According to a favorable embodiment, the support wire of the integral support portion is a retained length of winding mandrel. A common method of winding coiled filaments is to wind the tungsten filament wire on a molybdenum mandrel. For the well known coiled-coil, or CC2V, filament construction, the tungsten wire is wound with a first pitch around a first mandrel of a first diameter, and then the first mandrel with the tungsten wire coiled thereon is coiled around a second mandrel of a second diameter with a second pitch. Typically, the filaments are cut to length and then the mandrels are removed by dissolving in a suitable acid bath. For some lamp applications, it is known to retain a portion of the mandrel. For example, in tubular lamps, it is known to have multiple portions in which the mandrel is maintained so that there are sequential light emitting/non-emitting portions of the filament. Such a lamp is known from Netherlands Patent 7,904,376 published Feb. 27, 1980. This Netherlands Patent discloses that a winding mandrel may be retained within the desired filament portions by locally providing a cumaron resin on the coiled filament portions in which the winding mandrel is to be retained, the uncovered portions being etched away in the acid bath. Thus, use of a retained length of winding mandrel as the support wire utilizes material which would otherwise be dissolved away.
According to another embodiment, the lamp envelope comprises a protrusion to which the integral support portion is fixed. Preferably, the protrusion protrudes externally from the lamp envelope and encloses a cavity, as may be embodied by a tipped-off tubulation. The filament support portion comprises a resilient loop disposed in this cavity and retained by an internal circumferential lip of the tubulation for holding the filament in tension.
According to yet another embodiment, the lamp has a tubular lamp envelope having opposing sealed ends. The filament extends longitudinally within the envelope and has a plurality of said integral support portions. The filament portions between the integral support portions are light emitting. The integral support portions are non-light emitting and bear on the lamp envelope for supporting the light emitting sections away from the lamp envelope.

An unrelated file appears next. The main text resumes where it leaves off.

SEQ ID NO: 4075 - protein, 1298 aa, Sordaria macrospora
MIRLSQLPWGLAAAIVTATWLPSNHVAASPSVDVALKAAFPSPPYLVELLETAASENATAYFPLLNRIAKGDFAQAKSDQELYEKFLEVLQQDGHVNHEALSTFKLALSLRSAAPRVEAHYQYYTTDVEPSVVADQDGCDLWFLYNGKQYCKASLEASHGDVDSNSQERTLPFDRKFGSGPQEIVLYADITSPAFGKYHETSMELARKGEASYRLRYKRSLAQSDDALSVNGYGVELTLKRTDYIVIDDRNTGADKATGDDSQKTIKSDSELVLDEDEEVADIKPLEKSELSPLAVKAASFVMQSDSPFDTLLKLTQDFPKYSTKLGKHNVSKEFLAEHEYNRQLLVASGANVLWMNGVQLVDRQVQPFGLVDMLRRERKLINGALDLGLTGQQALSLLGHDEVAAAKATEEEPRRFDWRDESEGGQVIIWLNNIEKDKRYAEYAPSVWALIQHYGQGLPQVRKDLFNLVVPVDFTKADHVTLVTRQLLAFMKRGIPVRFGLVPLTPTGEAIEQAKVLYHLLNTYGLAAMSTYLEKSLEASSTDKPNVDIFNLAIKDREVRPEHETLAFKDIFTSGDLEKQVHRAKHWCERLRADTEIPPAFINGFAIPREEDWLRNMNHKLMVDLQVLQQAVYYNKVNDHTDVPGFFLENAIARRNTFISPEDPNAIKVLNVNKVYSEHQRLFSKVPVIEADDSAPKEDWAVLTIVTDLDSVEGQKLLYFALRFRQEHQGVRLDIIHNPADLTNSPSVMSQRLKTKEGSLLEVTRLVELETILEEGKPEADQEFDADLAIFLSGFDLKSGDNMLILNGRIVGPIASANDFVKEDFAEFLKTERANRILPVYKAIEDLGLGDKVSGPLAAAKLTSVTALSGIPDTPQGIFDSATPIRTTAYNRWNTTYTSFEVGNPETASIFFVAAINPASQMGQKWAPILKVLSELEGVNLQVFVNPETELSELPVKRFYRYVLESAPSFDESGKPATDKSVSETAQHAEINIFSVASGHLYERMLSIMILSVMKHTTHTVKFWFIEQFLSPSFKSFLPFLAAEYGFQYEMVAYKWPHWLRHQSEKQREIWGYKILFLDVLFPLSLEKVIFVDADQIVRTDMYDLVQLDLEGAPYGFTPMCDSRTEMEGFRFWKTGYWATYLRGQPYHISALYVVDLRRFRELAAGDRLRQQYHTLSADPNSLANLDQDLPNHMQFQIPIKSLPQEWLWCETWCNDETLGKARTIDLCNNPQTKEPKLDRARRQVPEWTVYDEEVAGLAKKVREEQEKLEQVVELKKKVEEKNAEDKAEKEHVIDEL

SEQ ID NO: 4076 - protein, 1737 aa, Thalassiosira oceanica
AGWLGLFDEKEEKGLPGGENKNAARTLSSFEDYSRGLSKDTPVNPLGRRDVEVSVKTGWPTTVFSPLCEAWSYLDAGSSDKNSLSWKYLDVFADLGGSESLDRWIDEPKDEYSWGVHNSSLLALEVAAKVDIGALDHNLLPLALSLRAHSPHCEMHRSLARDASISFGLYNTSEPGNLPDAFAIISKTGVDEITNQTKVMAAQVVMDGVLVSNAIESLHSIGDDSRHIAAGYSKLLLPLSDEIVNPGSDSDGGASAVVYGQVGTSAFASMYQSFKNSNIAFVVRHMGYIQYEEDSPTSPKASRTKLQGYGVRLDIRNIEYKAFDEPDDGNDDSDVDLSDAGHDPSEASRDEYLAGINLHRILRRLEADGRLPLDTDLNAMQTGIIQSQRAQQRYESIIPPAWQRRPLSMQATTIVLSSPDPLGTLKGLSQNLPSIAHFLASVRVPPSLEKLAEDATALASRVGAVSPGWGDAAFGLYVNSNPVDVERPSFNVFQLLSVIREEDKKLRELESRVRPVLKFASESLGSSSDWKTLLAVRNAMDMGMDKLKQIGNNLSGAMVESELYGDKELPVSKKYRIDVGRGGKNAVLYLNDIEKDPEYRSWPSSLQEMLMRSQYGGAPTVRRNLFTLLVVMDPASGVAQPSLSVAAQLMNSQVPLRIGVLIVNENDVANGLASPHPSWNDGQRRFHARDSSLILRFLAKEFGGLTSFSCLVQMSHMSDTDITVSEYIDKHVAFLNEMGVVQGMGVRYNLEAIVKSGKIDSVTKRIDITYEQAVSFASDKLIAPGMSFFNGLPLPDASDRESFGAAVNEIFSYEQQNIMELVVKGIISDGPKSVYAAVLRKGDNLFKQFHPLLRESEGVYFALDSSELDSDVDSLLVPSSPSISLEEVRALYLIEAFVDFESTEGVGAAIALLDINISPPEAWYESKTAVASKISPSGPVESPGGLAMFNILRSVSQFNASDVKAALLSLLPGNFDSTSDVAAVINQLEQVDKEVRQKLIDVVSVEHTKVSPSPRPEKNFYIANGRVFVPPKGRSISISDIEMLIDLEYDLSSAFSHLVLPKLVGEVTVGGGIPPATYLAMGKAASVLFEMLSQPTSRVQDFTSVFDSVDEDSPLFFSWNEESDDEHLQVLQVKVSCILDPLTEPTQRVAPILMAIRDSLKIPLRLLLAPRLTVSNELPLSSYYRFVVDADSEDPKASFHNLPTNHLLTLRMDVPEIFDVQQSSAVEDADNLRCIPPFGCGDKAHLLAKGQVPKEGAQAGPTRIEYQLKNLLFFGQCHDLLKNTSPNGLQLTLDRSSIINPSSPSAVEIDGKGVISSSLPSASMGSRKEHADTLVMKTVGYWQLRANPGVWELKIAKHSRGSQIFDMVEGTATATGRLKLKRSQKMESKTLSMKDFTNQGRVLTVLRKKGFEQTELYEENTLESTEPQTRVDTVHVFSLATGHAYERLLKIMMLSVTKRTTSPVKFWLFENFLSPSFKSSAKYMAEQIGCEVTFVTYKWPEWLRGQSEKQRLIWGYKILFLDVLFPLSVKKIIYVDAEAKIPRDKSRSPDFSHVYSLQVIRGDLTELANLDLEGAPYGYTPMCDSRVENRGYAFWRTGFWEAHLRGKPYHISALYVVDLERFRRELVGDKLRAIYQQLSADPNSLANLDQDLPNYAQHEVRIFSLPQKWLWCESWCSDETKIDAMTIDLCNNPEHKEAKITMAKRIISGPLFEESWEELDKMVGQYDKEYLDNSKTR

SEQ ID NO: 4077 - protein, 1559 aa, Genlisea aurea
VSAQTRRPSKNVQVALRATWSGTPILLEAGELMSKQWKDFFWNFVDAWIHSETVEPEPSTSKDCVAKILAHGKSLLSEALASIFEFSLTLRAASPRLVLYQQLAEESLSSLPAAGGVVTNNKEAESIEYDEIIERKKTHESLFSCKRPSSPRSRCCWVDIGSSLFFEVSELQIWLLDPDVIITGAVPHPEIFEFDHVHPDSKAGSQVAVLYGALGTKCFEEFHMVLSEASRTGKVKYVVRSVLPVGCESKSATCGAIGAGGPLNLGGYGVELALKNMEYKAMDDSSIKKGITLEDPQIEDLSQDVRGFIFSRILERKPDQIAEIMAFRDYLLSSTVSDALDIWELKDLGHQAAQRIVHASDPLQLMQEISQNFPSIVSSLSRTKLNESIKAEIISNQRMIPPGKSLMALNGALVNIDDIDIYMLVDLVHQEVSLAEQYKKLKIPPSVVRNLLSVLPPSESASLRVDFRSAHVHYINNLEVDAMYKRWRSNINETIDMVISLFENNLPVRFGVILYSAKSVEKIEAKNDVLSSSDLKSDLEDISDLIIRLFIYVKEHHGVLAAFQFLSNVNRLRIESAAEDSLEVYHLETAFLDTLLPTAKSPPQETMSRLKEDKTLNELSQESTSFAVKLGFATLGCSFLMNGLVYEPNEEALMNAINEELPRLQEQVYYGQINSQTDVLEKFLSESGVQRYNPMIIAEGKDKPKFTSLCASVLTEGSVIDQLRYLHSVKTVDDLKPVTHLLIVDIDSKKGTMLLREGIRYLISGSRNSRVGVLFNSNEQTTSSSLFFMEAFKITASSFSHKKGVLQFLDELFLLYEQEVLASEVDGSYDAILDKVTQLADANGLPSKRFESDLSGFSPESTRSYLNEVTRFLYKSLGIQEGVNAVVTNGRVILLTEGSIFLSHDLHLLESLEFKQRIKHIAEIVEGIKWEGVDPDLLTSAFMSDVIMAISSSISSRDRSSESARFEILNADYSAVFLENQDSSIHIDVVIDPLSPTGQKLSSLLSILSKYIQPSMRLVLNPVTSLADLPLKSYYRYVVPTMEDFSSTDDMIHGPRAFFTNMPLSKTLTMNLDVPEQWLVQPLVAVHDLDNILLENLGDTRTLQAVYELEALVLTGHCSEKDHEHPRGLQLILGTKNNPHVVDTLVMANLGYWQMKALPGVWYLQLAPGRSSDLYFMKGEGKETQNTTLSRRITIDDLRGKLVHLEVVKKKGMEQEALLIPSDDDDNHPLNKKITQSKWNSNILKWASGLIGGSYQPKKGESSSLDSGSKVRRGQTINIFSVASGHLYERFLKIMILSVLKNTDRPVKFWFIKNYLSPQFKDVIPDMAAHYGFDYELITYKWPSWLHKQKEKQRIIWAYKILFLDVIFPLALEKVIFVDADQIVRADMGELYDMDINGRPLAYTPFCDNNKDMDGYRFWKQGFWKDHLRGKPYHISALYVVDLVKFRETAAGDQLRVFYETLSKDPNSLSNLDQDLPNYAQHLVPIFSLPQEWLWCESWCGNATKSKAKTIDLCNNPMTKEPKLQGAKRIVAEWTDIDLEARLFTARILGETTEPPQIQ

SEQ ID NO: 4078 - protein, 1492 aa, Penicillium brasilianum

According to an attractive embodiment of the invention, a single-ended halogen incandescent lamp includes a lamp envelope having a press or pinch seal at one end and a tipped-off tubulation at an opposing end. A tungsten filament comprises a continuous length of coiled wire having respective ends adjacent the pinch seal. An integral support portion between the ends has a length of retained winding mandrel contained within the coiled filament wire. The support section is secured within the tubulation and supports the filament in tension.
These and other aspects of the invention are further described in the following drawings and detailed description of the invention.
BRIEF DESCRIPTION OF THE DRAWINGS
FIG. 1 is a side elevation of a single ended tungsten-halogen incandescent lamp according to the invention;
FIG. 2A shows a length of filament during an intermediate manufacturing step;
FIG. 2B shows a portion of the filament in FIG. 2A;
FIG. 2C shows a finished filament for inclusion in the lamp of FIG. 1; and
FIG. 3 is a side elevation of a tubular incandescent lamp according to a second embodiment of the invention.
DESCRIPTION OF THE PREFERRED EMBODIMENTS
The tungsten halogen incandescent lamp shown in FIG. 1 has a quartz glass envelope 3 with a pinch seal 4 at one end and a tipped-off tubulation 5 at the other end. The tubulation has an internal circumferential lip 6 where it merges into the wall of the envelope 3. Mounted within the envelope 3 is a tungsten filament 7 having respective ends 8 adjacent press seal 4. Current-conductors 10 which extend through seal 4 are comprised of conventional molybdenum foils 11 welded in a conventional manner to conductive leads 9 and 16. Included within the bulb 3 is a conventional fill gas, including a halogen, such as hydrogen bromide. Application of an electric potential across leads 9 energizes the filament 7 to emit light and to support a tungsten-halogen regenerative cycle.
The filament 7 has two light emitting coiled-coil portions 12, two support legs 13, and a non-light emitting integral support portion 14. The two support legs 13 and the integral support portion 14 are single coiled filament portions which include an electrically conductive support wire therein. The filament is held in tension by loop 15 of the support portion 14 which is retained in the sealed tubulation 5 by the internal circumferential lip 6.